Most 45-year-old men don’t wake up ready to step into a cage for a professional mixed martial arts fight. Then again, most 45-year-old men don’t have nine jiu jitsu world championships or run one of the fastest rising MMA gyms in the country. Last Saturday night at the Chinook Winds Casino in Lincoln City, Fabiano Scherner did just that when he stepped in the cage for a heavyweight title fight that would prove to be a tough outing. Scherner came up short in his effort to win the King of the Cage heavyweight title but the smile on his face after the fight showed that getting the win was only a part of his plan for the weekend. After the fight, he retired in the cage in front of fans, friends, and family. A true class act and well-respected member of the MMA community, his legacy will live on through his students but we must not forget what made the man.
Unlike many of Scherner’s Brazilian countrymen, he did not begin training in jiu jitsu as a child. He started his journey on the mat at the ripe old age of 26. While this isn’t unheard of, it’s not the norm when you consider just how much Scherner would go on to accomplish in the sport. Most of the modern day Brazilian jiu jitsu (BJJ) champions from Brazil worked on their crafts since childhood but few of them possessed the size and power of the monstrous man they called “Pega-Leve.”
In Brazil, the saying, “pega leve” means “take it easy.” Scherner would earn this moniker thanks to his inability to go easy in sparing during his time at the world famous Brazilian Top Team fight camp. Whenever someone said they wanted to go easy on the mat the coaches said, “You want to go easy? Go with Fabiano.” – bjjheroes.com
Scherner was a natural at BJJ and earned his black belt in less than four years. He would go on to win five world titles in the gi and four no-gi world titles as well. Beyond these accolades, Scherner was competing in mixed martial arts bouts while he worked his way up to black belt. His success in the cage mostly came early as he started his professional career by going 5-1. He would then have short stints with the UFC, IFL, and Cage Rage. The last half of Scherner’s career was up and down, but much of the competition he faced was comprised of well-respected fighters. Fighters like Roy Nelson, Brandon Vera and UFC title challenger Gabriel Gonzaga just to name a few. Now, with his career having spanned 15 years, Fabiano Scherner has finally laid down his gloves and lucky fans across the globe can say they watched him “take it easy” in the cage a few times.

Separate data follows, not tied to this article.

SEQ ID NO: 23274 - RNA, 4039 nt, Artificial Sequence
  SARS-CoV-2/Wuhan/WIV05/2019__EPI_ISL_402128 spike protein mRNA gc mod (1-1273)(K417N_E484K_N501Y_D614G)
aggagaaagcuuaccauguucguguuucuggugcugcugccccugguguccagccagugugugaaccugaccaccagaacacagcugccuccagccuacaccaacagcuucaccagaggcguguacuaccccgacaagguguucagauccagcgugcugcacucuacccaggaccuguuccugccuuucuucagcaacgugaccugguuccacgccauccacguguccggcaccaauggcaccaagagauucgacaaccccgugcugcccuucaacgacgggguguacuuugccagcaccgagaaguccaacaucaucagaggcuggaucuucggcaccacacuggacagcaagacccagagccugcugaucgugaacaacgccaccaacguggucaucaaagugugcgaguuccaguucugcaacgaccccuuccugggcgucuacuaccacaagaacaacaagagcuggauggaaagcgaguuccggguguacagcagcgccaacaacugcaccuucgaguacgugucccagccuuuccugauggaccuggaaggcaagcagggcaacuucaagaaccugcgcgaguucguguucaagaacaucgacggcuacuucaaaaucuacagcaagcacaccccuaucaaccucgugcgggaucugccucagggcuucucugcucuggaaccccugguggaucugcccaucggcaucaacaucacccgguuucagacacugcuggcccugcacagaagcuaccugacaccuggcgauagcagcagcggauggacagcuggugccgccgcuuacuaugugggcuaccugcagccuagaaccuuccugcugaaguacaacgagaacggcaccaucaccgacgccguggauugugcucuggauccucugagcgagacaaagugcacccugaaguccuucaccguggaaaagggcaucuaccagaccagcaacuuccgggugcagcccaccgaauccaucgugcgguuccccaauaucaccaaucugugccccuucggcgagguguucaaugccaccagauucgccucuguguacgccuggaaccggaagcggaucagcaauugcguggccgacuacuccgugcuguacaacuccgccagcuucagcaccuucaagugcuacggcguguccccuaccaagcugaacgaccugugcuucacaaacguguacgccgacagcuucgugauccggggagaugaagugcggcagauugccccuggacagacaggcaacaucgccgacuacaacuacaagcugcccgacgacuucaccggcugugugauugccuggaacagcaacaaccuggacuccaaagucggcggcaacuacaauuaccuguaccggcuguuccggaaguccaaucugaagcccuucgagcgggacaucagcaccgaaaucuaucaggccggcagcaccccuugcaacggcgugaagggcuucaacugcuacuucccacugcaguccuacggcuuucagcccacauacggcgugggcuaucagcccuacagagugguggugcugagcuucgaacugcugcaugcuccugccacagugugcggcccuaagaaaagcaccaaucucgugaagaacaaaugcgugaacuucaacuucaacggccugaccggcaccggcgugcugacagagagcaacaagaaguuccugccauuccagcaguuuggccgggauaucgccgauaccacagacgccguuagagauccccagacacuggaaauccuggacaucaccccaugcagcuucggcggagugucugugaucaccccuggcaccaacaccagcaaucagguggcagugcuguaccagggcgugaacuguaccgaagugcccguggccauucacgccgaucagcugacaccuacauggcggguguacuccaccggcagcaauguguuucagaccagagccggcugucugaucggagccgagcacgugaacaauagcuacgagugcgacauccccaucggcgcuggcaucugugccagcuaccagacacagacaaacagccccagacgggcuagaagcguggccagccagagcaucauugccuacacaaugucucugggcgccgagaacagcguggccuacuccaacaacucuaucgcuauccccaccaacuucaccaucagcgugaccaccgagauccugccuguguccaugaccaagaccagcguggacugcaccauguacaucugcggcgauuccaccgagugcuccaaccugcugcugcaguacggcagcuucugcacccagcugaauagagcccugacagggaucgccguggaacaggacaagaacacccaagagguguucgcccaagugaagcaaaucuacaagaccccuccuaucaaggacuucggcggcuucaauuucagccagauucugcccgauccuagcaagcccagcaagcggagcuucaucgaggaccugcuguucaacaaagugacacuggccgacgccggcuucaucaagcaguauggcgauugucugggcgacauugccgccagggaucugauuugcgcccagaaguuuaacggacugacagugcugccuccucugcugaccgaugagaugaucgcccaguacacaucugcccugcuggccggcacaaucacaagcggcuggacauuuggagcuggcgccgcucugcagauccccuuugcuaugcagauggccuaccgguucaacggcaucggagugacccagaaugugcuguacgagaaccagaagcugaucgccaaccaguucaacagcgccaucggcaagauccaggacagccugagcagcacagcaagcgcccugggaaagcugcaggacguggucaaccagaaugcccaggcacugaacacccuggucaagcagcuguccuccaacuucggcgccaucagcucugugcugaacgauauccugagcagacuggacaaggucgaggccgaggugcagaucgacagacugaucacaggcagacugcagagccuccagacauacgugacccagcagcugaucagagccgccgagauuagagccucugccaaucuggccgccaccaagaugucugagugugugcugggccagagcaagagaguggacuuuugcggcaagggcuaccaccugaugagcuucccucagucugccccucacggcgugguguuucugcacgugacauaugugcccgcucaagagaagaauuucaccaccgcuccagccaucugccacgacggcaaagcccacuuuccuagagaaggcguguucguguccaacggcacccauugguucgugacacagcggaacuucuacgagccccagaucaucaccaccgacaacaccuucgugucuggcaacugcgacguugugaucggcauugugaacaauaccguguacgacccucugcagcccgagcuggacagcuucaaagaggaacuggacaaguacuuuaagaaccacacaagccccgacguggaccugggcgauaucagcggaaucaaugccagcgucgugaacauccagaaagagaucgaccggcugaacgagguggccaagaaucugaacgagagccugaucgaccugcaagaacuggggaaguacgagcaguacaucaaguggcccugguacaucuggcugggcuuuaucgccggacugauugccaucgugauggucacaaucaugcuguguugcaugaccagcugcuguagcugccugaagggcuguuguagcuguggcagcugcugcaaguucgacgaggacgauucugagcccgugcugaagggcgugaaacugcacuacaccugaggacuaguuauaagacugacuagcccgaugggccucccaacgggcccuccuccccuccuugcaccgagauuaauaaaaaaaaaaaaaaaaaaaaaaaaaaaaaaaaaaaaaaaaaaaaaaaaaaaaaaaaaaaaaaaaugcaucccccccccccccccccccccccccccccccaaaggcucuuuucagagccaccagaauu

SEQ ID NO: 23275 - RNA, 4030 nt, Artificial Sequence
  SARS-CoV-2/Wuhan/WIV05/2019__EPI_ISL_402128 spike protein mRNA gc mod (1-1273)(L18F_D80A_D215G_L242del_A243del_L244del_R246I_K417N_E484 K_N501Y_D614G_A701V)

Today, Fabiano Scherner is the face of Gracie Barra Portland fight team. You have seen him cornering the likes of Bellator champion Brent Primus, Chael Sonnen, Ed Herman, and many more. While the book has closed on his MMA career, Scherner will undoubtedly be focused on his young fighters as they begin to write a story of their own. A few of them even had some words to say about their coach.
“Fabiano is an excellent coach and truly cares about (his) fighters. Since I started [training]at Gracie Barra Portland my grappling has improved immensely. Us fighters look up to Fabiano and we know he has our backs.” – Ricky Simon – LFA Bantamweight Champion
“Fabiano is the kind of coach who can make you believe that you can do anything, even if you don’t believe it yourself…like jumping guard.” – Cris “Sunshine” Williams – Bellator Featherweight
“Fabiano is a giant bear of a man who is stern, stern but fair. Everything he does is truly what he feels is best for you and the gym. He really cares about every one of his students; he is truly a selfless man. He is like a holographic Pokemon card, a rare find.” – Jake Smith – Bellator Lightweight
“I [want to]say how proud I am of my head coach and mentor Fabiano Scherner. He leads our whole team from the front like a Spartan, and he’s the reason why everyone wants to come train at Gracie Barra. He retired with an epic last fight, it didn’t go the way we all wanted but [he’s] still the champ to us!” – Thomas Patrick – Gracie Barra Purple Belt/Pro MMA Fighter